Just behind John B. is John A.—John A., my grandfather. He doesn’t even belong in this picture, properly. He isn’t part of the family—yet. Not many years later he will marry the little girl Hilda, who will be only 18 even then. What he was doing at the Johnson place that day, I have no idea. I’ve told you about him before. He will live a life of struggle and poverty until he lands a job with the Milwaukee Road. When he retires on his railroad pension he’ll find himself suddenly making more money than he ever did before in his life. He’ll die in 1976, at 79.

The other two young men are Hilda’s brothers, Jacob and Alfred, about whom I know little.

About the horse I know nothing.

Pictures like this—roomy images that show whole houses rather than just little clumps of people—please me very much. They give me the feeling that I’ve gotten a peek into the people’s lives. I’ve magnified this picture and studied it in detail without discovering any hidden secrets, but I still like to look at it.

11 thoughts on “Johnson & Johnson & Johnson & Johnson…”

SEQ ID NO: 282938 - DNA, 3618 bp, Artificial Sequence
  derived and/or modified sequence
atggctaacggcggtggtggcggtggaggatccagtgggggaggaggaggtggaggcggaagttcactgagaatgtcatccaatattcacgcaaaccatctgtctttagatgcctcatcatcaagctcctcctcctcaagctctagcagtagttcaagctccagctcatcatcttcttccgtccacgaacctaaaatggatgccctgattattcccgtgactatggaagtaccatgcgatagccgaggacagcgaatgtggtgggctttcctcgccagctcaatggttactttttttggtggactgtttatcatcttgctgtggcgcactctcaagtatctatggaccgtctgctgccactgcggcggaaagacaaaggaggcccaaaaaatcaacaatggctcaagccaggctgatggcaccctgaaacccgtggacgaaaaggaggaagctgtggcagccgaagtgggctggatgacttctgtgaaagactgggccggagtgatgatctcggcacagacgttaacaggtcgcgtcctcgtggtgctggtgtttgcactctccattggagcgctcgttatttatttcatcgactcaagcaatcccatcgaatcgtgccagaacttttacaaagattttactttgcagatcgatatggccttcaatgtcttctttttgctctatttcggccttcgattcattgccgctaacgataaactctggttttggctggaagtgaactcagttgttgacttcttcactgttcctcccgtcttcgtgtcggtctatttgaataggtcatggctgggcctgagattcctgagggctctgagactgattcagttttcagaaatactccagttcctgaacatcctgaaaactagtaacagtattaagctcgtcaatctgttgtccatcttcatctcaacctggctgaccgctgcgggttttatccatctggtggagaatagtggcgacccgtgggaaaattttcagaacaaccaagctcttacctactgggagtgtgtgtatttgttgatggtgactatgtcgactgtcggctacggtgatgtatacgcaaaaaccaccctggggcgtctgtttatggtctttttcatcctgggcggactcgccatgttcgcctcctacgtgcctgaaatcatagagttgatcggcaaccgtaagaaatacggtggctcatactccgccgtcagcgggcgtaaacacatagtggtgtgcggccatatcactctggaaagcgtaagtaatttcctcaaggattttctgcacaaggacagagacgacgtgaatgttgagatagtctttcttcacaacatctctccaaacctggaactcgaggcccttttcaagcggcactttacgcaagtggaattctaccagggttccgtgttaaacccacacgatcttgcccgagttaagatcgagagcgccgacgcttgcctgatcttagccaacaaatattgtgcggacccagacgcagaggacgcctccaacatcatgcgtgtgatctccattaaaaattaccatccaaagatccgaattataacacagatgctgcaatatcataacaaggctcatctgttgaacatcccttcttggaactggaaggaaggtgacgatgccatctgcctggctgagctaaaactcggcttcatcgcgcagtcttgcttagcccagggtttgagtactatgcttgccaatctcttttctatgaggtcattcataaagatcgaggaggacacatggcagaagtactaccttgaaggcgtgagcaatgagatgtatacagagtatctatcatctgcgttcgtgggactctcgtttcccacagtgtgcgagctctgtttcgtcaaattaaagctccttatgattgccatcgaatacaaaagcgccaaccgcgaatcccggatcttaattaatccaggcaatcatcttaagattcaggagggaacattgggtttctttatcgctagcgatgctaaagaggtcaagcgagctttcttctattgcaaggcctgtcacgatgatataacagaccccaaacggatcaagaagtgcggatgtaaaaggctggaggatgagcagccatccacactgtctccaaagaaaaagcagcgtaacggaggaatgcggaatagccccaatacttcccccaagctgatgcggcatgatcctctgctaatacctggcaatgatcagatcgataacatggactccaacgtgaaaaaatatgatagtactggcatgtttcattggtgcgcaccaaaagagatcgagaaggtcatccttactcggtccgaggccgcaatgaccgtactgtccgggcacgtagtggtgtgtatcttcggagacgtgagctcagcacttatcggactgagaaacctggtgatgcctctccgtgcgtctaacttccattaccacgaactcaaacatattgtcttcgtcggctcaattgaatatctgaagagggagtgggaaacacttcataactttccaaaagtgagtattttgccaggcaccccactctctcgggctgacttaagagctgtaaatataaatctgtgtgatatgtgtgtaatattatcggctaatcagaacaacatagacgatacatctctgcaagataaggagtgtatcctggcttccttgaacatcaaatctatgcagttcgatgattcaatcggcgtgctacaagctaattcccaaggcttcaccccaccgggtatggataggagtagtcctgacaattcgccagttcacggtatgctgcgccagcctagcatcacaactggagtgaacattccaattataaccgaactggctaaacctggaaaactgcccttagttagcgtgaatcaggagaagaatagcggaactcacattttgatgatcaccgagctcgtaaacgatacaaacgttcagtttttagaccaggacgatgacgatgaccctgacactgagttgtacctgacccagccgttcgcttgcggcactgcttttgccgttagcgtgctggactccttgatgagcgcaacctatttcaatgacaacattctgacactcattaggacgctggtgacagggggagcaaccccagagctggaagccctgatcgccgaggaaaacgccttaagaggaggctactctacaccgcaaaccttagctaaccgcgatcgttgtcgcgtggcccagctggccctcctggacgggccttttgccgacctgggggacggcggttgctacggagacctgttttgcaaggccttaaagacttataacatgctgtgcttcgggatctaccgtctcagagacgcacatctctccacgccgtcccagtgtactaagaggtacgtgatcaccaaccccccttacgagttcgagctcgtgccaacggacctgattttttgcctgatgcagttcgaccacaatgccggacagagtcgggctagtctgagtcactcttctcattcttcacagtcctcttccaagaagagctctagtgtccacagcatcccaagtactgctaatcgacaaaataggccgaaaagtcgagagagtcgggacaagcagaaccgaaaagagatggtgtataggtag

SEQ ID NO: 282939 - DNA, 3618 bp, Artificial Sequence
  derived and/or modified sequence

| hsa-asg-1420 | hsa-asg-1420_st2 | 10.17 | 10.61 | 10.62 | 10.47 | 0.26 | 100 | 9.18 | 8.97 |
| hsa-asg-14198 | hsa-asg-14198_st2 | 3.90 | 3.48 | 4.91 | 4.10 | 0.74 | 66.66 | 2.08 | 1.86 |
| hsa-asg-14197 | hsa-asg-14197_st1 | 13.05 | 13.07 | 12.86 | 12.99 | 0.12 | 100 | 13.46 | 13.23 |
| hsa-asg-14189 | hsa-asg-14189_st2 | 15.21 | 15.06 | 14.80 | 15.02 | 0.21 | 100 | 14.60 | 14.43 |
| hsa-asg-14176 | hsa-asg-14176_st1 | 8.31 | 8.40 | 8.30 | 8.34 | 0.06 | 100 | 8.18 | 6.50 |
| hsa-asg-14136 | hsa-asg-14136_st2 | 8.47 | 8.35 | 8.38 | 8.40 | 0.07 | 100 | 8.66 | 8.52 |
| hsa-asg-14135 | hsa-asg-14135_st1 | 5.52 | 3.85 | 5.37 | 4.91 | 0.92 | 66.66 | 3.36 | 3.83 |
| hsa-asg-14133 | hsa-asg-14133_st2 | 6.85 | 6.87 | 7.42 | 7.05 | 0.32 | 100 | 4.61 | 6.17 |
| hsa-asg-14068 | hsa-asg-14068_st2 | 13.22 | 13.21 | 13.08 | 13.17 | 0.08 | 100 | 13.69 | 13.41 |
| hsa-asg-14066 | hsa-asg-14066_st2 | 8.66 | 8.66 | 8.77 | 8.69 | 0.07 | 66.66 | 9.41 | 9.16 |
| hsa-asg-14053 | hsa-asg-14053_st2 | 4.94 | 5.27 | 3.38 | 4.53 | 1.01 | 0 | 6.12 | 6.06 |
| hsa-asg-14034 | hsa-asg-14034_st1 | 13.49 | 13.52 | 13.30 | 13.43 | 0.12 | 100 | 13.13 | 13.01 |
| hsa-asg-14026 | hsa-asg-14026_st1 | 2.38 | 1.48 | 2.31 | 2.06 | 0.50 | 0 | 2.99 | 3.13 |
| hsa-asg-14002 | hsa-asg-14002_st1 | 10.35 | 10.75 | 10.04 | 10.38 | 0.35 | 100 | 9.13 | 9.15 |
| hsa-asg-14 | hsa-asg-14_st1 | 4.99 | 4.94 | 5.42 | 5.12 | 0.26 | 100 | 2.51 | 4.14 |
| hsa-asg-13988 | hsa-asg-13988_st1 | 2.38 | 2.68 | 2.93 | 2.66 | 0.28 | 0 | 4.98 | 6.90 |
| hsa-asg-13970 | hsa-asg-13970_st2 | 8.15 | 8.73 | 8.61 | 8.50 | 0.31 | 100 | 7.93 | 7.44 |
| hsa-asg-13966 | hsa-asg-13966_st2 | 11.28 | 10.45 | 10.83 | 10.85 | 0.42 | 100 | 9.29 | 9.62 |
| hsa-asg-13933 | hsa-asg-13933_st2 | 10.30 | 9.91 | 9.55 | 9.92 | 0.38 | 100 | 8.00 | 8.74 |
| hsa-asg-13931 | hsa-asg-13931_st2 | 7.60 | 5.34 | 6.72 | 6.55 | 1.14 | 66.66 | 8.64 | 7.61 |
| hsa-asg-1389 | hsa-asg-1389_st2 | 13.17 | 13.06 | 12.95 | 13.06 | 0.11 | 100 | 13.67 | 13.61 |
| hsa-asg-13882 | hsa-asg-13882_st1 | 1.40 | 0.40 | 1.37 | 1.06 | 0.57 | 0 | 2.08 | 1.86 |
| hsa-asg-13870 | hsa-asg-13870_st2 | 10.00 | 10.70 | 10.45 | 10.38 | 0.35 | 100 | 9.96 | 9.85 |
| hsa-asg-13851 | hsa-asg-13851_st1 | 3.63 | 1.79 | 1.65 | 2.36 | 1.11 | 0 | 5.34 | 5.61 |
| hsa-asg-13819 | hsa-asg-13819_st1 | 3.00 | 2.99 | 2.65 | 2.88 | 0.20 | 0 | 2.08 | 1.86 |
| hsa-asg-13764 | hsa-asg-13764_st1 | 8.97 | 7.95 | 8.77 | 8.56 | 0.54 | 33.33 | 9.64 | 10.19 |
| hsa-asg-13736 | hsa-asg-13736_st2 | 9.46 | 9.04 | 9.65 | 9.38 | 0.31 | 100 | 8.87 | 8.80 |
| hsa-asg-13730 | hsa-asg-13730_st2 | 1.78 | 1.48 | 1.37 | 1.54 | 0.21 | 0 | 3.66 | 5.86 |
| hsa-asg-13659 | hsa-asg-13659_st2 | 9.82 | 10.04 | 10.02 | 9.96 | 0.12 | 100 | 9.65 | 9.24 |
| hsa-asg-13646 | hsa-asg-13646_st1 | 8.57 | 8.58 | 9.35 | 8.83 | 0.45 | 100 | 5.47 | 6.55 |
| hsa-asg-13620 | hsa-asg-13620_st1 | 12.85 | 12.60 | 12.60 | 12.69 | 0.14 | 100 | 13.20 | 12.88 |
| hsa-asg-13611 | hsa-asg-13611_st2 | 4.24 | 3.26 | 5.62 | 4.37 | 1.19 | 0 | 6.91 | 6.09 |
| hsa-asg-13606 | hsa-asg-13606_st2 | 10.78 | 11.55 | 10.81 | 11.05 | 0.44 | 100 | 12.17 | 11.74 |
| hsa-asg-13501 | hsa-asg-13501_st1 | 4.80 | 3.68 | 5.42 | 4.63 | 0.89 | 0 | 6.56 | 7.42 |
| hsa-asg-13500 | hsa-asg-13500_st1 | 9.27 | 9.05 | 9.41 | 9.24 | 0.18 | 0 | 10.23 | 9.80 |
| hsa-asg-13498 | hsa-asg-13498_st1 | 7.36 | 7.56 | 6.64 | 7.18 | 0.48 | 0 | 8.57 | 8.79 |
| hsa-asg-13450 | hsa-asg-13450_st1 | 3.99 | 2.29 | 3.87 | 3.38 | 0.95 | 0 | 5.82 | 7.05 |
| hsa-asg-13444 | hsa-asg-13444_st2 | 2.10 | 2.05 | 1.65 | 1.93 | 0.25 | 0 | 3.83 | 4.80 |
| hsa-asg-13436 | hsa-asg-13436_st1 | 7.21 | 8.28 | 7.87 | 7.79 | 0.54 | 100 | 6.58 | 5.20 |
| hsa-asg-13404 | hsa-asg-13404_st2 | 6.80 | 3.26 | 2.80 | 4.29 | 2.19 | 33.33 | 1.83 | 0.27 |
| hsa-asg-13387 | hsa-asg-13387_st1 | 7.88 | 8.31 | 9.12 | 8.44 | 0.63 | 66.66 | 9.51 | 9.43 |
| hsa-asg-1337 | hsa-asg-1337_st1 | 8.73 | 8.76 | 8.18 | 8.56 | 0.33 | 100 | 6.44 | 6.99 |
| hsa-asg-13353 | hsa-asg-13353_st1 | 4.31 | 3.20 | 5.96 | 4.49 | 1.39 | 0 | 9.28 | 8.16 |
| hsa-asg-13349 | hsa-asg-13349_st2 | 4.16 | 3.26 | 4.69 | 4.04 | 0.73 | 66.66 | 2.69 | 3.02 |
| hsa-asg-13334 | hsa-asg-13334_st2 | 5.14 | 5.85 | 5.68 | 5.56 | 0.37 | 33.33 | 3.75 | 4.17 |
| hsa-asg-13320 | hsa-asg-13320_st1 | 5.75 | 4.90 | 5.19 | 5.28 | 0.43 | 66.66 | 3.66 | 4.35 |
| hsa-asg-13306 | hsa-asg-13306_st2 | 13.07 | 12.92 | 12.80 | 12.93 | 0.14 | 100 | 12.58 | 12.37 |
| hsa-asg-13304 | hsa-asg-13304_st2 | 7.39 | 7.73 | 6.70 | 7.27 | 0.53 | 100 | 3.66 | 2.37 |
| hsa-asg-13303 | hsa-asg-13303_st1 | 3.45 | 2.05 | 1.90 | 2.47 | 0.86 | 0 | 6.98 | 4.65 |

1. As a Johnson I have no alternative but to comment. I believe my grandparents (at least my grandfather) came from somewhere around Troundheim. My grandfather worked on a merchant ship before he came to canada around 1920? (Unlike you I know little about my grandparents.)

    p.s. – this is just a bit late for valentine’s but I just today listened to lecture about f. schaeffer where he meets his wife edith… they were at a ‘bible’ class taught by a unitarian… whose text was ‘why the bible isn’t true…’ or somesuch… where f. stands up and objects… and e. wonders who this strange person is…. (Horrible old cynic and curmdugeon that I am I was very moved by this story and (almost) had a tear in my eye…. no really. (Jerram Barrs has a 20 lecture series on F. Schaeffer available free at Covenant College.)